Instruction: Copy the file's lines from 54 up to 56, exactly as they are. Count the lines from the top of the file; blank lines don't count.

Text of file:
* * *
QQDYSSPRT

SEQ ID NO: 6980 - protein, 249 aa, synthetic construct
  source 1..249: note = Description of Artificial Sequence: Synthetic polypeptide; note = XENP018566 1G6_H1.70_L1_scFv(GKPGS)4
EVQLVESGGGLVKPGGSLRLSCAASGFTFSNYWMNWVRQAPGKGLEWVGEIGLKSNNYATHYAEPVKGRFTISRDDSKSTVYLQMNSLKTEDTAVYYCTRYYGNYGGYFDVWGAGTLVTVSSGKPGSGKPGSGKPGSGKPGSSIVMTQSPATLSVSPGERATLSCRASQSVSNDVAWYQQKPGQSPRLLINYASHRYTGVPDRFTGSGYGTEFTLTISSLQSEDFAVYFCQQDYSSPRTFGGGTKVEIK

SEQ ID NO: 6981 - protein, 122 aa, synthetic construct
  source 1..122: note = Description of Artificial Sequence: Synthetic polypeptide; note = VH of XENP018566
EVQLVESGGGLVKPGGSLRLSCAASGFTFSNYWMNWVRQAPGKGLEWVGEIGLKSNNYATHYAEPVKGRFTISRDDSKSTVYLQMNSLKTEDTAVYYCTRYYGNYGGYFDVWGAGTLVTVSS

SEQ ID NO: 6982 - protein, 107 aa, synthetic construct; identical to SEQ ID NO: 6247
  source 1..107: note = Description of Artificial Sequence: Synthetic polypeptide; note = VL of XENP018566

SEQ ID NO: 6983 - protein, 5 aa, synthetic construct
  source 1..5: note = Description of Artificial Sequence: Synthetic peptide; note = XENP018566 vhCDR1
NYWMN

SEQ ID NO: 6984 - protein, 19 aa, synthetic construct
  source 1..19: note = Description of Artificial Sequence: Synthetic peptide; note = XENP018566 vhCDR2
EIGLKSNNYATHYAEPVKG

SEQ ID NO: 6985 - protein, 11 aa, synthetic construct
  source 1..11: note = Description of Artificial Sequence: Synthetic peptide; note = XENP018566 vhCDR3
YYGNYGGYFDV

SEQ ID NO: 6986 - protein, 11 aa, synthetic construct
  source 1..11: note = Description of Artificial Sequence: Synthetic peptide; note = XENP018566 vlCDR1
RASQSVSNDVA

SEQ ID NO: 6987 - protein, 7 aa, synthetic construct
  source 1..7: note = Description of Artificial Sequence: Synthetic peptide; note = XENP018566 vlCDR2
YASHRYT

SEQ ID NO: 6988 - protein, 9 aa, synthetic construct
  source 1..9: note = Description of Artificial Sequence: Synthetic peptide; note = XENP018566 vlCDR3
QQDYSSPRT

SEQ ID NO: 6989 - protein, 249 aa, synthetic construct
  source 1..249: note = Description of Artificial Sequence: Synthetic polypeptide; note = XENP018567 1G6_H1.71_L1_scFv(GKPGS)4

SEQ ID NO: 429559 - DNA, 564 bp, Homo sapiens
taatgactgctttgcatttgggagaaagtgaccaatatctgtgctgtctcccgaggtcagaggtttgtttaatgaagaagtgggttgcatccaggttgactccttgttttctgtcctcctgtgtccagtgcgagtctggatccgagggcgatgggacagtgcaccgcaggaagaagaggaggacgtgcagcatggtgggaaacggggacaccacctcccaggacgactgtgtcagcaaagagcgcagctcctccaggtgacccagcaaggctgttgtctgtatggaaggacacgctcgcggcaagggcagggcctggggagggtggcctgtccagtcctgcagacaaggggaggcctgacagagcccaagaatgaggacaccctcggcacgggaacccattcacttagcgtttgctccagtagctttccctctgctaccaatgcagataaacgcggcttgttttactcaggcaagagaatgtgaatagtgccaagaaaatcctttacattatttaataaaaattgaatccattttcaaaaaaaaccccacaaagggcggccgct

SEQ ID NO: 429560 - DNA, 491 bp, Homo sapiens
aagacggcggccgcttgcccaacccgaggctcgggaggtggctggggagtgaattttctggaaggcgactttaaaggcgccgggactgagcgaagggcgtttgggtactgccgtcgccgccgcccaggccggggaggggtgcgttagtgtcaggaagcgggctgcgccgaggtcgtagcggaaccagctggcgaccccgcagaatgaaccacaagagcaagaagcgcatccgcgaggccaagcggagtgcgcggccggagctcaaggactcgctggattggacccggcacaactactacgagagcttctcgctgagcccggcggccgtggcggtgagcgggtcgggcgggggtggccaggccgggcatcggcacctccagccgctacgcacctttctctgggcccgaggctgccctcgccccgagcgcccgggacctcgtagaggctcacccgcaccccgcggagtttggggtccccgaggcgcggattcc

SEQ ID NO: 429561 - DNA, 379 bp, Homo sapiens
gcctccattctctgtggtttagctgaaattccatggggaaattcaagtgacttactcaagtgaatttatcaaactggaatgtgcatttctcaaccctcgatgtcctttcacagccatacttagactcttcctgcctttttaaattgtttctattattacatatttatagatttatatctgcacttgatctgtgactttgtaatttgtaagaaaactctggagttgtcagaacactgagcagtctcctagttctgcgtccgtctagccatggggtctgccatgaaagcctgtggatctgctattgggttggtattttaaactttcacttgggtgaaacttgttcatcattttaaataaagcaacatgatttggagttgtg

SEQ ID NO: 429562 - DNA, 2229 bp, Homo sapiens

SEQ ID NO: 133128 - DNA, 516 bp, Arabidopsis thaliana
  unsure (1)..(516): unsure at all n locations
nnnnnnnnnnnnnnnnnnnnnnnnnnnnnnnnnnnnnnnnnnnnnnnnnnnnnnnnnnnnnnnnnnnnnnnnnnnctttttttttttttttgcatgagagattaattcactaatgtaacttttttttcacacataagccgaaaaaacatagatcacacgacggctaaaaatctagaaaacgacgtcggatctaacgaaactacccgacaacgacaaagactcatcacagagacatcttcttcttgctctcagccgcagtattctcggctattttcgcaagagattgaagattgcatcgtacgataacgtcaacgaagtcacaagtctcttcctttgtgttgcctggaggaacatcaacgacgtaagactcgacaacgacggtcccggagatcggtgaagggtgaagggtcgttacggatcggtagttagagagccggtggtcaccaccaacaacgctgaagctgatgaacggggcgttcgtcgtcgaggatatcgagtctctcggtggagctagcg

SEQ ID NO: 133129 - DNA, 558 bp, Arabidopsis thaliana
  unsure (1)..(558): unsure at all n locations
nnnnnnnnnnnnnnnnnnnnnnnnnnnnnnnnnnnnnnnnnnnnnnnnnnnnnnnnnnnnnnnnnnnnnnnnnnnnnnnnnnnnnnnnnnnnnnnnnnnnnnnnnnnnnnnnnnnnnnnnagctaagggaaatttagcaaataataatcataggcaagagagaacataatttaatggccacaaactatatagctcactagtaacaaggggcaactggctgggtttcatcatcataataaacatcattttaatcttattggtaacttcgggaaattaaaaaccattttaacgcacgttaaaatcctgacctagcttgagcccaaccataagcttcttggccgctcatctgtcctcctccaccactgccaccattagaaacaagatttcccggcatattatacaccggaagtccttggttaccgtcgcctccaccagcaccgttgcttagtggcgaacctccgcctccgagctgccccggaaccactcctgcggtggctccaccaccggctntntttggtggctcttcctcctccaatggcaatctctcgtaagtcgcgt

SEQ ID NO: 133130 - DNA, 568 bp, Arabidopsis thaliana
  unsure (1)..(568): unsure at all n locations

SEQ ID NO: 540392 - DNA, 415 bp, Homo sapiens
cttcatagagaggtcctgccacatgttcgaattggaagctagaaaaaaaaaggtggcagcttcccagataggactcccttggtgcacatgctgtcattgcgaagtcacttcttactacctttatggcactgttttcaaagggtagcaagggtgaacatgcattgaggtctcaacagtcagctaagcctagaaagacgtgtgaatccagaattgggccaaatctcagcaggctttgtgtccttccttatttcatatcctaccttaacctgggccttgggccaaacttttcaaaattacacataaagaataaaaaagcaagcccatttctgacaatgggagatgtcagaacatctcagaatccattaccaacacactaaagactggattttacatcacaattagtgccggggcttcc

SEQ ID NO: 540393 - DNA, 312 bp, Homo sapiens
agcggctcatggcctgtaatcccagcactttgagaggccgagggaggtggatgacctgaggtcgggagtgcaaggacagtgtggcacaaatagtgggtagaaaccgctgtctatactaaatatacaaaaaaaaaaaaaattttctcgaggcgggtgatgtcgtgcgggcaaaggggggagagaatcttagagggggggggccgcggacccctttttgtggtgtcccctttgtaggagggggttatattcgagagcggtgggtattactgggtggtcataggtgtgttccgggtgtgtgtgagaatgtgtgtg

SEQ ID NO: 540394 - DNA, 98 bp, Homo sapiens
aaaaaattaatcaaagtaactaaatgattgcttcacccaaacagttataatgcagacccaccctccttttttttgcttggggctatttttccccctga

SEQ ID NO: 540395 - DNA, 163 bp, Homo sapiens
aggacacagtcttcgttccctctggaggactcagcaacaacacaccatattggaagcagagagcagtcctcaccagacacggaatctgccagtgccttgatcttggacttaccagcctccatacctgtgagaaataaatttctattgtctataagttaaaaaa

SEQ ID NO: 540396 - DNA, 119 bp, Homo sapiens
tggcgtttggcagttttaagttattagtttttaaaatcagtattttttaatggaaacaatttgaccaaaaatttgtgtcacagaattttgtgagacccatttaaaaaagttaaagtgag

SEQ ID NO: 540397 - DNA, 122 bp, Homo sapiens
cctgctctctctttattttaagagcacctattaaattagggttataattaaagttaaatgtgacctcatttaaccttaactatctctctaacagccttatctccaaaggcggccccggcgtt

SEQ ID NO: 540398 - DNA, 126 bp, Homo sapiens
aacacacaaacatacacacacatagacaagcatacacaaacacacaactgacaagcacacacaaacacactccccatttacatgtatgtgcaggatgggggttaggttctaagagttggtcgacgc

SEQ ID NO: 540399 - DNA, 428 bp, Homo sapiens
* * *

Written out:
tggcgtttggcagttttaagttattagtttttaaaatcagtattttttaatggaaacaatttgaccaaaaatttgtgtcacagaattttgtgagacccatttaaaaaagttaaagtgag

SEQ ID NO: 540397 - DNA, 122 bp, Homo sapiens
cctgctctctctttattttaagagcacctattaaattagggttataattaaagttaaatgtgacctcatttaaccttaactatctctctaacagccttatctccaaaggcggccccggcgtt